Now, this might sound cheap, if you’re a US resident used to paying almost $5 a gallon for your petrol, or a UK reader paying £1.40 a litre, but when you consider how much they get through, even a small change can be crippling.

A narrowbody aircraft like a 737, for example, will burn around 750 gallons an hour. When you’re a little airline like WOW making a big trip across the Atlantic, a price rise like we saw last year will really eat away at your profits.

Unrestrained competition

The unrestrained competition in the low cost sector has made rising operational costs very difficult to absorb. Put your fares up, lose passengers to a low cost competitor. Keep your prices low and you can’t turn a profit. Airlines are stuck between a rock and a hard place.

In the short haul European market, flying halfway across the continent is frequently cheaper than a takeaway on a Friday night. Expanding that view into the low cost long haul market is not entirely different when you consider the additional resources required to transport a plane load of passengers across several time zones.

WOW Air Bankrupt
WOW air were famous for their low cost transatlantic fares. Photo: WOW Air

All too many airlines are surviving by the skin of their teeth. When things outside of their control such as the price of fuel go up, they’ve got no wiggle room available.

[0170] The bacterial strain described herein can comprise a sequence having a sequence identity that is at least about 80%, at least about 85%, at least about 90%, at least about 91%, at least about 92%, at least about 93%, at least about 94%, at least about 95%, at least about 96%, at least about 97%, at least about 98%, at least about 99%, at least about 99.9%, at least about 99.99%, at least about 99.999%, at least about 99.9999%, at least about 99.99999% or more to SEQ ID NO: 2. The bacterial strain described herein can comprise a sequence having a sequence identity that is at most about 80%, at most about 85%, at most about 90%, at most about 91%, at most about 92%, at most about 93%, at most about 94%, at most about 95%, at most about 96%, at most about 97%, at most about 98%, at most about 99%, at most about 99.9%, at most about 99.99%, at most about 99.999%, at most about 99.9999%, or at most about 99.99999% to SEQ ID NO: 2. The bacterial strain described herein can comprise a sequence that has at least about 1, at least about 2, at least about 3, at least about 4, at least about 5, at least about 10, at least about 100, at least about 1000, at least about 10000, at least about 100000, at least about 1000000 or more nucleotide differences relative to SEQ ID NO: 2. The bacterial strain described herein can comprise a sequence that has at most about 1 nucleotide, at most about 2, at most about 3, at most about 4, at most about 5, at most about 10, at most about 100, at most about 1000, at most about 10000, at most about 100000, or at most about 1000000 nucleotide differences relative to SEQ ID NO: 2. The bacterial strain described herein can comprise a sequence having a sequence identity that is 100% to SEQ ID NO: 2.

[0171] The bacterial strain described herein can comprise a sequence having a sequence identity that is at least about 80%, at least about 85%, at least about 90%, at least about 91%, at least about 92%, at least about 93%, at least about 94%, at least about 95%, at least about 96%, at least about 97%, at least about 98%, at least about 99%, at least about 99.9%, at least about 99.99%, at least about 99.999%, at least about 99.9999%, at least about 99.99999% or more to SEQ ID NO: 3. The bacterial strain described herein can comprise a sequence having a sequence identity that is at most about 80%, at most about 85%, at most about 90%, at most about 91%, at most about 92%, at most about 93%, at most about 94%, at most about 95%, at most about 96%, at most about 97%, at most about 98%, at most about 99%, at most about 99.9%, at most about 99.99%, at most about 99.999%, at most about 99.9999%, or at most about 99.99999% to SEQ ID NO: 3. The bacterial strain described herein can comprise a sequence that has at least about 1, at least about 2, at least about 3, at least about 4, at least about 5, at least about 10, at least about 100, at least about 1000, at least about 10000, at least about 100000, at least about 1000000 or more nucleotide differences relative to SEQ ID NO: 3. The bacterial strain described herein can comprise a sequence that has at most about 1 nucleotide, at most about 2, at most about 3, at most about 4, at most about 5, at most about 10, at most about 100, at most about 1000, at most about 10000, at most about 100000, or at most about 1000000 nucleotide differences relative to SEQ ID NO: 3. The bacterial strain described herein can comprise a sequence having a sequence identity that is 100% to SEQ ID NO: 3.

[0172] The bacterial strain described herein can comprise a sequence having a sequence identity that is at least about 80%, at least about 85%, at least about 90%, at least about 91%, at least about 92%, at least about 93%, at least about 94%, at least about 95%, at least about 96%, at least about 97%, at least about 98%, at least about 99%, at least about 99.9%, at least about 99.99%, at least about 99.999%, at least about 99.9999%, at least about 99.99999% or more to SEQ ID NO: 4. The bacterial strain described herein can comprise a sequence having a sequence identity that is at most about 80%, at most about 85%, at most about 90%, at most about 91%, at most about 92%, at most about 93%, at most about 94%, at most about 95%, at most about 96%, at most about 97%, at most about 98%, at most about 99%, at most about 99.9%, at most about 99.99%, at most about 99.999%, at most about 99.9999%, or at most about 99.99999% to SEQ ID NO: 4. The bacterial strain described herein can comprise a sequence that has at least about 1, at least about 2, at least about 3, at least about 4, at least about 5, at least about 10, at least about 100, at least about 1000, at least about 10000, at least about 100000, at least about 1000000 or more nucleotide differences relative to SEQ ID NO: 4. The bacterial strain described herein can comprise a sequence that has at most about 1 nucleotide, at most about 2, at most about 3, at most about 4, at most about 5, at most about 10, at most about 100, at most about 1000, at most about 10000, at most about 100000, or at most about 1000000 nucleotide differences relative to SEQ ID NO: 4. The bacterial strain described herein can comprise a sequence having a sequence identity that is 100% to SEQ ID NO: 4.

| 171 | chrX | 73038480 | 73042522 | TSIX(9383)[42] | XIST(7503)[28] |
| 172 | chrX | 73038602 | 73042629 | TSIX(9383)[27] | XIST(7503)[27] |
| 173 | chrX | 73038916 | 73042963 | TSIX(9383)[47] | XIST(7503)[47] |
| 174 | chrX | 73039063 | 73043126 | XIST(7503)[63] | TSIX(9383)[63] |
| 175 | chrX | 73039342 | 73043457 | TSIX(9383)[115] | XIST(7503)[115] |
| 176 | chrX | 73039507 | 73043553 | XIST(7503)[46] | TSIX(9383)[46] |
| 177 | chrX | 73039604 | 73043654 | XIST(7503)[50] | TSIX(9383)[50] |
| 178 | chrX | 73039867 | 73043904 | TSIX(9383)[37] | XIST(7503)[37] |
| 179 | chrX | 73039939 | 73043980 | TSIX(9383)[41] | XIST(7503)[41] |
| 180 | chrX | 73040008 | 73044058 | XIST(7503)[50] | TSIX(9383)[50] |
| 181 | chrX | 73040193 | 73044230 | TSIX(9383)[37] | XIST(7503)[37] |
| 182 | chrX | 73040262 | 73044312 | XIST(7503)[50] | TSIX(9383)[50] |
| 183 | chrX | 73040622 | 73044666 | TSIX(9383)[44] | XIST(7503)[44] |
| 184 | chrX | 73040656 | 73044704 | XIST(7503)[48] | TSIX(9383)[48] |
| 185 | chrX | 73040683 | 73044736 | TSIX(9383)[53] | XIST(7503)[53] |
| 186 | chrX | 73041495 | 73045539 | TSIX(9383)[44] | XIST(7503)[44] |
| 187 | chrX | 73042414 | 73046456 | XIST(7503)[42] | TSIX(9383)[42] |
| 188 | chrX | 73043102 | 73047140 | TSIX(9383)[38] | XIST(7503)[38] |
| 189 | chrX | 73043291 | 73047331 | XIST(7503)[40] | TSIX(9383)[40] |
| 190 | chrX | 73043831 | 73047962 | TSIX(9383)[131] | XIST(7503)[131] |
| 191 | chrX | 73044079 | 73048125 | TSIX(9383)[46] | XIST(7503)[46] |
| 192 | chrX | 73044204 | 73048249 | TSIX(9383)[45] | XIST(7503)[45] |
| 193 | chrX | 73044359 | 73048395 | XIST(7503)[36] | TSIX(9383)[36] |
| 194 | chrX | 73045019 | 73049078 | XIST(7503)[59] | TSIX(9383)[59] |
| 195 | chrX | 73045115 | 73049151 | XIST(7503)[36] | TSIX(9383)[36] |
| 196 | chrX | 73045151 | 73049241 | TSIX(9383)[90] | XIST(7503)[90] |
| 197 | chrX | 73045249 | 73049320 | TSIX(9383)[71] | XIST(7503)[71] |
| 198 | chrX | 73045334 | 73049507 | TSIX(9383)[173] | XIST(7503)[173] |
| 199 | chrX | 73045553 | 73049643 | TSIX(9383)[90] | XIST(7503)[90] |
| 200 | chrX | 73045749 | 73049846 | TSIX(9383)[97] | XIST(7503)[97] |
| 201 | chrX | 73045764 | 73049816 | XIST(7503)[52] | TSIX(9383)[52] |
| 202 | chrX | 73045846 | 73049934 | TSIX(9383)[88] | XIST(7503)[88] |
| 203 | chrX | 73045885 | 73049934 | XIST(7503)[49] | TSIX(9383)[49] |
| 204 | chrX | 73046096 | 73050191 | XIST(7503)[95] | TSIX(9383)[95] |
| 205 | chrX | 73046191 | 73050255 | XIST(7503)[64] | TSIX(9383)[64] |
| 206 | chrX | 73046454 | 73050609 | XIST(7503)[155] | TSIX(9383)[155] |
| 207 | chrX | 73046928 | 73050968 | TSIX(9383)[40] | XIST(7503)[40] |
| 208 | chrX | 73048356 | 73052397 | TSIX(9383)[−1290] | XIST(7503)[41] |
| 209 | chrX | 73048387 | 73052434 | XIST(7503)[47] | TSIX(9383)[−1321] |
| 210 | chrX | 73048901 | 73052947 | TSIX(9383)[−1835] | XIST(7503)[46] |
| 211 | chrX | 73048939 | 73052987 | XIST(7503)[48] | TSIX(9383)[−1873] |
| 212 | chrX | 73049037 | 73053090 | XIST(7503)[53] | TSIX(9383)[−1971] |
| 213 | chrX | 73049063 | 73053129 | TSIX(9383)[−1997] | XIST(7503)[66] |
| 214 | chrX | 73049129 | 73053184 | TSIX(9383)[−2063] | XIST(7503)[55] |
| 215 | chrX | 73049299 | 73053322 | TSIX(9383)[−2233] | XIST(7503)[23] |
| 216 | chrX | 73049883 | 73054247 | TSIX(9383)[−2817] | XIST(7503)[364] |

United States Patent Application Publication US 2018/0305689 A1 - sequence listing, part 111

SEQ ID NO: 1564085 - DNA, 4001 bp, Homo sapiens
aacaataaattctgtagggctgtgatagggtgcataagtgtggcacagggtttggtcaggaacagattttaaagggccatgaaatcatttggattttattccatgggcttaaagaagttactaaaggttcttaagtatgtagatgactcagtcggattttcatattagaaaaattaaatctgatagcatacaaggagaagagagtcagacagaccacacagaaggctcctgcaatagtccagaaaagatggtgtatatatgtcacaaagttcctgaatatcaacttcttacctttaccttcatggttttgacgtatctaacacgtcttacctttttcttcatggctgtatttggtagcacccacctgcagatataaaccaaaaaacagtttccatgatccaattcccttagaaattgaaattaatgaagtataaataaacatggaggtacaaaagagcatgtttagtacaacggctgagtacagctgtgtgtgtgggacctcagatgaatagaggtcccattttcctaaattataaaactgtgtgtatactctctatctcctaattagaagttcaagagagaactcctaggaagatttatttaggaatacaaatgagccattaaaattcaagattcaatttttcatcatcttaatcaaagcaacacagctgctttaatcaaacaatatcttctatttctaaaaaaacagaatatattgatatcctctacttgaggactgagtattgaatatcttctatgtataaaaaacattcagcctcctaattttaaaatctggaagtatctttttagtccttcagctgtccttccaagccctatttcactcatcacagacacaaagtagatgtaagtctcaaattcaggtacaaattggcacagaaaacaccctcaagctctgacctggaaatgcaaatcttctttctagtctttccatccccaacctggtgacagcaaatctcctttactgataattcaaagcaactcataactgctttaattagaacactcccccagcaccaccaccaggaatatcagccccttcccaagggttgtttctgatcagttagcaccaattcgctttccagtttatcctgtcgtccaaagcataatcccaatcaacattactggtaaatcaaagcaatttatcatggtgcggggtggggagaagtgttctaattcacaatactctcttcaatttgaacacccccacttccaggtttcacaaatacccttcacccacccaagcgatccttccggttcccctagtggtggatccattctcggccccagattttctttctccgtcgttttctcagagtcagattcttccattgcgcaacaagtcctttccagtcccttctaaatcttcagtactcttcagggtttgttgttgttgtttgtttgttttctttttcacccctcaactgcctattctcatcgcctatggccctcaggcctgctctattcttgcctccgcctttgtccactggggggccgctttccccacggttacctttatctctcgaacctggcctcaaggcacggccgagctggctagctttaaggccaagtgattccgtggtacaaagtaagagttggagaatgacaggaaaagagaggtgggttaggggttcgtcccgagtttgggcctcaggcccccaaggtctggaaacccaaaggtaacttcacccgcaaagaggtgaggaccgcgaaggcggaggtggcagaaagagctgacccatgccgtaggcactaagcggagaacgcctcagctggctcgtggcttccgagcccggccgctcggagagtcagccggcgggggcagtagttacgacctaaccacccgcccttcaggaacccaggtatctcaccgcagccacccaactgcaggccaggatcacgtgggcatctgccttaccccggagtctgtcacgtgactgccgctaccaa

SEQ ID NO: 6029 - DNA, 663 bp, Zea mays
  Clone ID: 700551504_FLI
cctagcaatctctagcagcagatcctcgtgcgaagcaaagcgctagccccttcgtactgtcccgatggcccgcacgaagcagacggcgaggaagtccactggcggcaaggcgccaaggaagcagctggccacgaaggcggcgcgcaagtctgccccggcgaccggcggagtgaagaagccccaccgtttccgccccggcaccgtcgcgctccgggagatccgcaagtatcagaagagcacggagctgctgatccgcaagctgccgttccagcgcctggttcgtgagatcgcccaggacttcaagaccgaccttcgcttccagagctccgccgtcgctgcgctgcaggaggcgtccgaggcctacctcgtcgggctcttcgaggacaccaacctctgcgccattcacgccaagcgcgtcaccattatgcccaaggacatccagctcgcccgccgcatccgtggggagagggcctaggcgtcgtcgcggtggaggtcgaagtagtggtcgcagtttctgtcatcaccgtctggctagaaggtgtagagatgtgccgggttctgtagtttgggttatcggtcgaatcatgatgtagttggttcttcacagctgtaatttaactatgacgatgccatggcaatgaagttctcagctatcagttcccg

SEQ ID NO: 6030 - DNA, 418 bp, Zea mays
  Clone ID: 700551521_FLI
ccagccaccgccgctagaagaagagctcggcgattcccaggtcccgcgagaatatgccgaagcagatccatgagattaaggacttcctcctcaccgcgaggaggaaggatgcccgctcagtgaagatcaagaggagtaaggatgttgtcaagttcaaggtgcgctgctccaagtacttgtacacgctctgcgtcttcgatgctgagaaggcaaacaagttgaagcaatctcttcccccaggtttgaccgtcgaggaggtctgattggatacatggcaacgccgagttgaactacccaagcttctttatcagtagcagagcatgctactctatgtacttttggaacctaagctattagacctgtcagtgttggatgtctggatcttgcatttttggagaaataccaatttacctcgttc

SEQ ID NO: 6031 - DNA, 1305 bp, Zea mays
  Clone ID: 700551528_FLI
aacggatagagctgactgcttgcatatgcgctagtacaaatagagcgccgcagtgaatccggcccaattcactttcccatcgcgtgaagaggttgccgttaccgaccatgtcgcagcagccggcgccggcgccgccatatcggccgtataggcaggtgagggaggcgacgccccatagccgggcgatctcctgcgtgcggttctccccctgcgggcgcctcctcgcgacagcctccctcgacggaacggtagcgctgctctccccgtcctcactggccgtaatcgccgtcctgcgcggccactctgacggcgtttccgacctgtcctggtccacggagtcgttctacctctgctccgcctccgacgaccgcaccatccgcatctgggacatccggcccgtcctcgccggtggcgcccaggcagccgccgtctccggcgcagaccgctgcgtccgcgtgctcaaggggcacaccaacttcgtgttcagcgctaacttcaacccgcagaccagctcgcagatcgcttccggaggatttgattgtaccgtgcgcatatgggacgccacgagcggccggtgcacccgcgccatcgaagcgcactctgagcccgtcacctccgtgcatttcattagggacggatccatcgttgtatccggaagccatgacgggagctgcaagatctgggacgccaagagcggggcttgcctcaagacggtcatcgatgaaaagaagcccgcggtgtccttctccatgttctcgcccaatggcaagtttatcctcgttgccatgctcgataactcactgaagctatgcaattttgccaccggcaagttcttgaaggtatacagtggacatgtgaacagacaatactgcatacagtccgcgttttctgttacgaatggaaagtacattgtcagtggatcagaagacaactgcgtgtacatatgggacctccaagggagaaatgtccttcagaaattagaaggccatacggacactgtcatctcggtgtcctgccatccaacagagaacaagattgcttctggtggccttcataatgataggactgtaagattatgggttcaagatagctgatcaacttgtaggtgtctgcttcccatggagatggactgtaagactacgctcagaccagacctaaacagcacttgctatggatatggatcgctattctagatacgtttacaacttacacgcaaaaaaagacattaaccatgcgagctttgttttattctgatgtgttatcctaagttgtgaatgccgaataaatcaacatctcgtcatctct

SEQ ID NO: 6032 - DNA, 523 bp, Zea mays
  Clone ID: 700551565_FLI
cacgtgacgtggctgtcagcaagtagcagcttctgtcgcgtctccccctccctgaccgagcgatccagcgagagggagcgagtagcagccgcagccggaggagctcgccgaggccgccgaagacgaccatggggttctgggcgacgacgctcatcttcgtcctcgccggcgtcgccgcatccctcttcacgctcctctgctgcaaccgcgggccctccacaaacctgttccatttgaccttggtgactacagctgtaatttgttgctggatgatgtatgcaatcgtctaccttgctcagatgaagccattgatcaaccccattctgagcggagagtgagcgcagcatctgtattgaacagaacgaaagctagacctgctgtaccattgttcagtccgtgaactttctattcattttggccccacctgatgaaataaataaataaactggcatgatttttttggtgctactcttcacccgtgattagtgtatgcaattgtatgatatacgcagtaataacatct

Air France saw the crunch time coming, and shut down Joon before it became a complete embarrassment to the group. But for other smaller low cost airlines, the clear overcapacity in the European market means they have no choice but to operate at a loss.

Will low cost airlines survive?

Well, of course they will, although maybe not all of them. Ryanair’s Michael O’Leary predicted that more airlines would go bust before the financial year was out, and he was right. Twice.

The difference between larger, more successful low cost carriers such as Ryanair and those who have failed is very tricky to put a finger on. Economies of scale certainly come into play along the line; it must be far easier for an airline with 400+ aircraft to negotiate discounts on commodities and services than it would for a small player like WOW with just 11 planes.

Ryanair 737 Max
Nothing is free when you fly Ryanair. Photo: Ryanair